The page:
Born Before My Mother


Hopeless skies pressed down on weary stubblefields,
bore down, until all light, all life, had been transfused, absorbed,
consumed by cold and dry and ravenous land,
and there were only wind-bled, insubstantial,
(hardened, joyless, stubborn)
aimless people left
to lie upon the hungry earth,
to stare into the empty clouds,
to bring forth mealy, bitter fruit,
to pray for empty death and then deny it, thrice,
to sow the callous dust with crusted tears
and clotted blood and straw-white,
efflorescent salts, exuded
from their sightless eyes.

It was there, it was then--
I took germ inside my mother, floating deep inside my mother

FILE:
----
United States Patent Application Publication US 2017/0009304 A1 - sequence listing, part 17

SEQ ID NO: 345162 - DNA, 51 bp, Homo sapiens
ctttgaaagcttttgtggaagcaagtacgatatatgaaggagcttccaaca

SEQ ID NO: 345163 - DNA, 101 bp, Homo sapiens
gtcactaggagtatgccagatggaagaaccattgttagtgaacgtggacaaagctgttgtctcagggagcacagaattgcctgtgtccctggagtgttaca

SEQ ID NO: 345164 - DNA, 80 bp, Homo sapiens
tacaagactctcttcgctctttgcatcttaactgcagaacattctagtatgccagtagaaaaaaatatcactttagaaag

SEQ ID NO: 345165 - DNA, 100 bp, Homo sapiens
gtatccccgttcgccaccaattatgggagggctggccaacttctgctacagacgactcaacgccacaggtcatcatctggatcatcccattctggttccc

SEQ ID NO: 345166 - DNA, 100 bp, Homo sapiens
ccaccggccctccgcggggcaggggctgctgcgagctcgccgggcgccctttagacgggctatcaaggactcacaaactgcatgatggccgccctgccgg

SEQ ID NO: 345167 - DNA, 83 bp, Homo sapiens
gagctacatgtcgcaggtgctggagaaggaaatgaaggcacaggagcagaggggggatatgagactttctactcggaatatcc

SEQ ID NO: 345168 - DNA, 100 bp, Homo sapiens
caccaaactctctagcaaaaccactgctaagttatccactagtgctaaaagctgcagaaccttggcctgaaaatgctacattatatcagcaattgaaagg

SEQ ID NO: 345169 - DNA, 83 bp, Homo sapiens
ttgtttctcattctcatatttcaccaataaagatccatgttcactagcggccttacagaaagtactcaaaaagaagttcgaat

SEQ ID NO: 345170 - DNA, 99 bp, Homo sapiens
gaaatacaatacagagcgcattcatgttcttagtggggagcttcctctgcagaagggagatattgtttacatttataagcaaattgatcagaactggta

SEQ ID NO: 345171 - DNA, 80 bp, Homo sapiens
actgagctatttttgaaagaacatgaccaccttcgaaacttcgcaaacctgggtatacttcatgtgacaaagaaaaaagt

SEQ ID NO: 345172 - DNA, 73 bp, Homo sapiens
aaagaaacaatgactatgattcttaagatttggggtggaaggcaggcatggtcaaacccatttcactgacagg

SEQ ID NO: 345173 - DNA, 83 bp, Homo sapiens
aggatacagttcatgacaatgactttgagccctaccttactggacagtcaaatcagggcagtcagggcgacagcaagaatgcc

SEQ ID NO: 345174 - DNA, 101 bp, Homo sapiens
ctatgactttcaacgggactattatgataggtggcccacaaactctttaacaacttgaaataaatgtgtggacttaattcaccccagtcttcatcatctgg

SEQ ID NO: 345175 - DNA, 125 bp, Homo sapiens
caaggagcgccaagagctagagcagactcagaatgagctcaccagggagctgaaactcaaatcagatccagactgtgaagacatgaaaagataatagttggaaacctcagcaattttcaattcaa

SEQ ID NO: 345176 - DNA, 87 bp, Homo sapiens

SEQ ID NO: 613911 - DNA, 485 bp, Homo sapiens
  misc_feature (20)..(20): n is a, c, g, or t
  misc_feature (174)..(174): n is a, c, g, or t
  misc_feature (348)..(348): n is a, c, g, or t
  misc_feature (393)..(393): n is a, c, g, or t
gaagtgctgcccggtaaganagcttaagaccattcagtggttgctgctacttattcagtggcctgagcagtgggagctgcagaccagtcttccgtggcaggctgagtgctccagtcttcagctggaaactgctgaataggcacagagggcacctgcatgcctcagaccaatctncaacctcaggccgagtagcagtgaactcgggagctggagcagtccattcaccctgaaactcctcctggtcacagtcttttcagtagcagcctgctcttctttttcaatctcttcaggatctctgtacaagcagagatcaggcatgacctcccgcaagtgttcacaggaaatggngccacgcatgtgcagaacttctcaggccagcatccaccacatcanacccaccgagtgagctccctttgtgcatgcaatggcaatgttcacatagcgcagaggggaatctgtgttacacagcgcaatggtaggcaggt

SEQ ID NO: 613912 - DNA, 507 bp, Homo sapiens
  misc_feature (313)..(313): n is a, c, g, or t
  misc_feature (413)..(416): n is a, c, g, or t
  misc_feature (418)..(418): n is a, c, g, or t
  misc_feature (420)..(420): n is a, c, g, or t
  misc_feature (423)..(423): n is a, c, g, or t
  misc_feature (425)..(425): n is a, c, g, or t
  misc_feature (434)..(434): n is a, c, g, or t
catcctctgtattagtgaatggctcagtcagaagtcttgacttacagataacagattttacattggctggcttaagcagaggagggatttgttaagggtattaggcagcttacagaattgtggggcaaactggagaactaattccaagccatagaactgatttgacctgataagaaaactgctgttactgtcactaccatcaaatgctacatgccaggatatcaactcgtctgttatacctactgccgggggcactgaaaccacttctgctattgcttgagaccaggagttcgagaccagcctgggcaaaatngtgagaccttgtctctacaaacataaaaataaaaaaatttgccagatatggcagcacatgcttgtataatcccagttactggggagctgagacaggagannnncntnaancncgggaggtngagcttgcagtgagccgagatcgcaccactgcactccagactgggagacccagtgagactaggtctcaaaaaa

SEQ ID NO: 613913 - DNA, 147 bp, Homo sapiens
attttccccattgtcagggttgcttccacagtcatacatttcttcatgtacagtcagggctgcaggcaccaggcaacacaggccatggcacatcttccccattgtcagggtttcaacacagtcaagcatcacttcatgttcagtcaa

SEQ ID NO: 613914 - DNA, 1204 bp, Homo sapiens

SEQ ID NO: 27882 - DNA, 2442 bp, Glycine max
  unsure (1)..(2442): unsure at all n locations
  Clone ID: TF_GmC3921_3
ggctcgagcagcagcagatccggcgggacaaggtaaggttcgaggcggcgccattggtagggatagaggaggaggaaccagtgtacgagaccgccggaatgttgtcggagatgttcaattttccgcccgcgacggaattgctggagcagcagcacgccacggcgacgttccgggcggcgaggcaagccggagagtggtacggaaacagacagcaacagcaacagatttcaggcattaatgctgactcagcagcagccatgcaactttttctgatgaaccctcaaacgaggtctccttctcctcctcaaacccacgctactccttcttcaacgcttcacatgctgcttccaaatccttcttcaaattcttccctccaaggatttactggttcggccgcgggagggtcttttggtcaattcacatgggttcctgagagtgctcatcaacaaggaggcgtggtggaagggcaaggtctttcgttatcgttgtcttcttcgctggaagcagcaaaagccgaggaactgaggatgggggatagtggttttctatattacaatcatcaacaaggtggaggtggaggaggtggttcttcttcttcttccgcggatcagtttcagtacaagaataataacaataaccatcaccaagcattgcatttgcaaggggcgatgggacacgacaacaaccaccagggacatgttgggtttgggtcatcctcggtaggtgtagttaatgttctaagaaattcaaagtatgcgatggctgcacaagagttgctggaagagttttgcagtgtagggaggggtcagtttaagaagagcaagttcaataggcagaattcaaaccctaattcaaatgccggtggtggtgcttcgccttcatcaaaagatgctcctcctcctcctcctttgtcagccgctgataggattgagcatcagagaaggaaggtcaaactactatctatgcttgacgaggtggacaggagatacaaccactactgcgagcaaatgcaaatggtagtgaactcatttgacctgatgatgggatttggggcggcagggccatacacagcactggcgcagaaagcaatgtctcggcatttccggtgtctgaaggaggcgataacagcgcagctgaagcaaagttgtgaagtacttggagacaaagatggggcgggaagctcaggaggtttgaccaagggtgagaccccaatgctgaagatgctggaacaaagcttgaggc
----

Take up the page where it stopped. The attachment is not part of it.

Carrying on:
floating deep inside her mother's knotted womb.
We three fed ourselves on callous dust and unforgiving wind
and we survived.



Mother was a small girl, with rounded eyes.
She did not feel me sleeping all those years inside her.
A slender girl, with downcast eyes,
she did not know her secrets and her dreams
diffused straight through me in the sombre prairie night.
A shy girl, with acquisitive eyes,
she did not care to know that I mutated while she slept,
became a changeling while she grew,
grew a stranger while she played.
Mother was a tough girl, with carborundum eyes.



I breathed because she breathed.
I lived because she did not die.
I did not die by random chance.
I germinated and I grew
and there are
no
impatient children sleeping deep in me.
The story ends, except

my sister
has tasted the sea.



We are all of us born many times
before we are born. When we die,
we are dead.

We bring bitter salt to salt-sown earth,
to patient, ravenous dirt.
We bring bitter ash to dust-strewn wind,
to patient, pitiless air.



JDP 96/12,97/12

Copyright John D Porter © 1996,1997



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